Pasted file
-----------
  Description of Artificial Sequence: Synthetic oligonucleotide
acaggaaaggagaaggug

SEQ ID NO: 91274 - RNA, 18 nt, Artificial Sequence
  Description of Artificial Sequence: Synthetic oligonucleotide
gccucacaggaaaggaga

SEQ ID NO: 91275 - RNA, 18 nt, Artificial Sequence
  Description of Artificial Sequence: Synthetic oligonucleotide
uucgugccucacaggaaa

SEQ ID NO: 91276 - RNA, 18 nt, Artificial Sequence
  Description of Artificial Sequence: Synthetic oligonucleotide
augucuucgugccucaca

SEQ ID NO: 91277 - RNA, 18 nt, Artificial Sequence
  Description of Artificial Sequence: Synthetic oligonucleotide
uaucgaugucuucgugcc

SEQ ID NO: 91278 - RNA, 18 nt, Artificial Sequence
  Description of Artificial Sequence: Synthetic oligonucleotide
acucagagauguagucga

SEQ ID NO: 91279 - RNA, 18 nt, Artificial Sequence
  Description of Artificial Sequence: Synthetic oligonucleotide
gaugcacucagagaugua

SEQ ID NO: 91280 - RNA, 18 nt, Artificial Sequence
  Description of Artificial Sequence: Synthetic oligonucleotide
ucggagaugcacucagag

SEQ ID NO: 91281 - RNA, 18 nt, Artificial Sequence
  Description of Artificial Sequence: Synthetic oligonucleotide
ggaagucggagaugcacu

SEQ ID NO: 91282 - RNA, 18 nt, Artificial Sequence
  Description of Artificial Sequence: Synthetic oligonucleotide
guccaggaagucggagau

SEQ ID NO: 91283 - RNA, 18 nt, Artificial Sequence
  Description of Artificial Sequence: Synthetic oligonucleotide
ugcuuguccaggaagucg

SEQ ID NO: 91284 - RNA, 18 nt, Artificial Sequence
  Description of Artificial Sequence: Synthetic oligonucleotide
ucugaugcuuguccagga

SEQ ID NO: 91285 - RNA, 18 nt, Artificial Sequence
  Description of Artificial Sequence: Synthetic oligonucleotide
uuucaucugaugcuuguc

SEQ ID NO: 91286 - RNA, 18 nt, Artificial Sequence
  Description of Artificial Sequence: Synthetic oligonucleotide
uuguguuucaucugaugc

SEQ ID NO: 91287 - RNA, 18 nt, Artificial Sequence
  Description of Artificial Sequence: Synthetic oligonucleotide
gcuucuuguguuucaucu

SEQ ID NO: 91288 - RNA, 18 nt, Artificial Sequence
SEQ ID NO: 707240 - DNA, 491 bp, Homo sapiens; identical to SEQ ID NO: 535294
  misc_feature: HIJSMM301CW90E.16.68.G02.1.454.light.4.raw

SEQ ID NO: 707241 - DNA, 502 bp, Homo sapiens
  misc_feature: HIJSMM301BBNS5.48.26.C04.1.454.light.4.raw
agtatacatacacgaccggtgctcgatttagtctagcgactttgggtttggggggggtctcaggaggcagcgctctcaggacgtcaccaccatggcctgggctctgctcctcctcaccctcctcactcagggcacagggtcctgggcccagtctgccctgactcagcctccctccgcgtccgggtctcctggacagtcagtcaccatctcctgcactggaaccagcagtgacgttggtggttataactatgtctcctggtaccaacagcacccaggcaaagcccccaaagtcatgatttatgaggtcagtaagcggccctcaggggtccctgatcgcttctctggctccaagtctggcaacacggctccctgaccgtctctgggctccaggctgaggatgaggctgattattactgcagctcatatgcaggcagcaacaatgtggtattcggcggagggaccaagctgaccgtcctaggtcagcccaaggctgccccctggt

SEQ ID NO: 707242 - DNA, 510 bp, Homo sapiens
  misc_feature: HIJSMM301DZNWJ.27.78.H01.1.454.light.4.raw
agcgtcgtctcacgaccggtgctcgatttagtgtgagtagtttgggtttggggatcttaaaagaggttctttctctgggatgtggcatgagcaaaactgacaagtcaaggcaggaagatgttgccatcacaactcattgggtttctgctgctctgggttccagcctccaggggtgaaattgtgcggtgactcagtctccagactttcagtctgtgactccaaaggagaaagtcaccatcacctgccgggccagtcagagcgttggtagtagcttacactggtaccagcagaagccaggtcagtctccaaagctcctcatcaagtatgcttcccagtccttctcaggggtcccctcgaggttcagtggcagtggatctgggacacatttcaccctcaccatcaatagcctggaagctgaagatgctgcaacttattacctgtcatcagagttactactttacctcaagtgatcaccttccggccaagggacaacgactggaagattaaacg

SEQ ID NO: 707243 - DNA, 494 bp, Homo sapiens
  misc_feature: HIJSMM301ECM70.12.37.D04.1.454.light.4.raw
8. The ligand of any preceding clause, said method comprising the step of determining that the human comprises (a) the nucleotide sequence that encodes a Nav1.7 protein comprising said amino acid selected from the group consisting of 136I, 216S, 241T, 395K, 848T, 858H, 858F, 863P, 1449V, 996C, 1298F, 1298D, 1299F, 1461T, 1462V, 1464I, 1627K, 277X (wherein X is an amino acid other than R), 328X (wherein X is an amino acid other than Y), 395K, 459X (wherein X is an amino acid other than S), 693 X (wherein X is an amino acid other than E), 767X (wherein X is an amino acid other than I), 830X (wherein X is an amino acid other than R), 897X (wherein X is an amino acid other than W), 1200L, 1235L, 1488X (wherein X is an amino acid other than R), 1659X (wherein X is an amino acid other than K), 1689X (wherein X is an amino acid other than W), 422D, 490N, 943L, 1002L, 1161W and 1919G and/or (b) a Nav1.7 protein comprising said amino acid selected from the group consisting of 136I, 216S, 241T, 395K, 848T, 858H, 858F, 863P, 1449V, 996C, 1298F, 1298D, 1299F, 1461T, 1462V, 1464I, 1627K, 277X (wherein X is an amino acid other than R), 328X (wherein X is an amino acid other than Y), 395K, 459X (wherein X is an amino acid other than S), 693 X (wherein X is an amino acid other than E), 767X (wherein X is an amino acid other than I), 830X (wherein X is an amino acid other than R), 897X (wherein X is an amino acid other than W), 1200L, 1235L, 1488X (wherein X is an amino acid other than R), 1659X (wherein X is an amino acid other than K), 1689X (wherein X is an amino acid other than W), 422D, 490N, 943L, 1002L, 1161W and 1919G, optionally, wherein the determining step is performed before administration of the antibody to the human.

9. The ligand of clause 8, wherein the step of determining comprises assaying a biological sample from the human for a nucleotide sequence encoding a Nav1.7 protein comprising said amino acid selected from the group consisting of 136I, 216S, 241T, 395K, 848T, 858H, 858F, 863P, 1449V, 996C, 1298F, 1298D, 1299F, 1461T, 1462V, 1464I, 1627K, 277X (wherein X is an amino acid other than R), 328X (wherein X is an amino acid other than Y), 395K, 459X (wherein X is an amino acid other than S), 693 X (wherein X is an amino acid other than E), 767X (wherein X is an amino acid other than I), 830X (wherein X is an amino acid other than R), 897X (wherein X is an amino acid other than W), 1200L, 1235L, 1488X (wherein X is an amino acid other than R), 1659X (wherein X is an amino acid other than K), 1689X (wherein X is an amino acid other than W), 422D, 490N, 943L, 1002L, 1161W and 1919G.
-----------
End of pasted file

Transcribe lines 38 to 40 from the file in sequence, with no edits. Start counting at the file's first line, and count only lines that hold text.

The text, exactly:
uuucaucugaugcuuguc

SEQ ID NO: 91286 - RNA, 18 nt, Artificial Sequence
  Description of Artificial Sequence: Synthetic oligonucleotide